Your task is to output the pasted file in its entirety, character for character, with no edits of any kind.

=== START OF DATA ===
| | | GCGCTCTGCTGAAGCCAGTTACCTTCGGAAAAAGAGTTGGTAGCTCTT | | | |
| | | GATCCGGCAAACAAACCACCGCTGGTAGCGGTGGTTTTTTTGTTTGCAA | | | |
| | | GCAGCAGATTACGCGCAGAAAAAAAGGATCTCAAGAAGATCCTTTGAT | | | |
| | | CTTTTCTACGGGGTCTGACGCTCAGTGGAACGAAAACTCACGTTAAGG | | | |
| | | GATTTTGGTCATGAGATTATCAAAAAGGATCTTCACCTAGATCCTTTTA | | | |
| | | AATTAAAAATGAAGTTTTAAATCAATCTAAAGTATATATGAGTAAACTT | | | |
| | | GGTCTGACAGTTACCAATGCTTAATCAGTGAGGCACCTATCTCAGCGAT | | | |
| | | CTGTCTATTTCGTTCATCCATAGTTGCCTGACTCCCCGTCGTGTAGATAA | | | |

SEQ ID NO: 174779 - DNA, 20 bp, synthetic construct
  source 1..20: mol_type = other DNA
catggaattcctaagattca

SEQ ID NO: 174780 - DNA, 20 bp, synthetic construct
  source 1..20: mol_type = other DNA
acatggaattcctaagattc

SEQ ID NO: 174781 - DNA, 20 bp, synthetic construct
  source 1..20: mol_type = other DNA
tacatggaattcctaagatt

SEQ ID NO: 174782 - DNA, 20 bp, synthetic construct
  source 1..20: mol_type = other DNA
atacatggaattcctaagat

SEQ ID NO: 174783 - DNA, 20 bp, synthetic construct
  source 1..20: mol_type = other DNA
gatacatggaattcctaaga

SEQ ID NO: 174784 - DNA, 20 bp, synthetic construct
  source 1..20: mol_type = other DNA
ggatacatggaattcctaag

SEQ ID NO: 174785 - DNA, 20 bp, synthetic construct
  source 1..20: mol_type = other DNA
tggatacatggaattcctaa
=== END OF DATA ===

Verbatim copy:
| | | GCGCTCTGCTGAAGCCAGTTACCTTCGGAAAAAGAGTTGGTAGCTCTT | | | |
| | | GATCCGGCAAACAAACCACCGCTGGTAGCGGTGGTTTTTTTGTTTGCAA | | | |
| | | GCAGCAGATTACGCGCAGAAAAAAAGGATCTCAAGAAGATCCTTTGAT | | | |
| | | CTTTTCTACGGGGTCTGACGCTCAGTGGAACGAAAACTCACGTTAAGG | | | |
| | | GATTTTGGTCATGAGATTATCAAAAAGGATCTTCACCTAGATCCTTTTA | | | |
| | | AATTAAAAATGAAGTTTTAAATCAATCTAAAGTATATATGAGTAAACTT | | | |
| | | GGTCTGACAGTTACCAATGCTTAATCAGTGAGGCACCTATCTCAGCGAT | | | |
| | | CTGTCTATTTCGTTCATCCATAGTTGCCTGACTCCCCGTCGTGTAGATAA | | | |

SEQ ID NO: 174779 - DNA, 20 bp, synthetic construct
  source 1..20: mol_type = other DNA
catggaattcctaagattca

SEQ ID NO: 174780 - DNA, 20 bp, synthetic construct
  source 1..20: mol_type = other DNA
acatggaattcctaagattc

SEQ ID NO: 174781 - DNA, 20 bp, synthetic construct
  source 1..20: mol_type = other DNA
tacatggaattcctaagatt

SEQ ID NO: 174782 - DNA, 20 bp, synthetic construct
  source 1..20: mol_type = other DNA
atacatggaattcctaagat

SEQ ID NO: 174783 - DNA, 20 bp, synthetic construct
  source 1..20: mol_type = other DNA
gatacatggaattcctaaga

SEQ ID NO: 174784 - DNA, 20 bp, synthetic construct
  source 1..20: mol_type = other DNA
ggatacatggaattcctaag

SEQ ID NO: 174785 - DNA, 20 bp, synthetic construct
  source 1..20: mol_type = other DNA
tggatacatggaattcctaa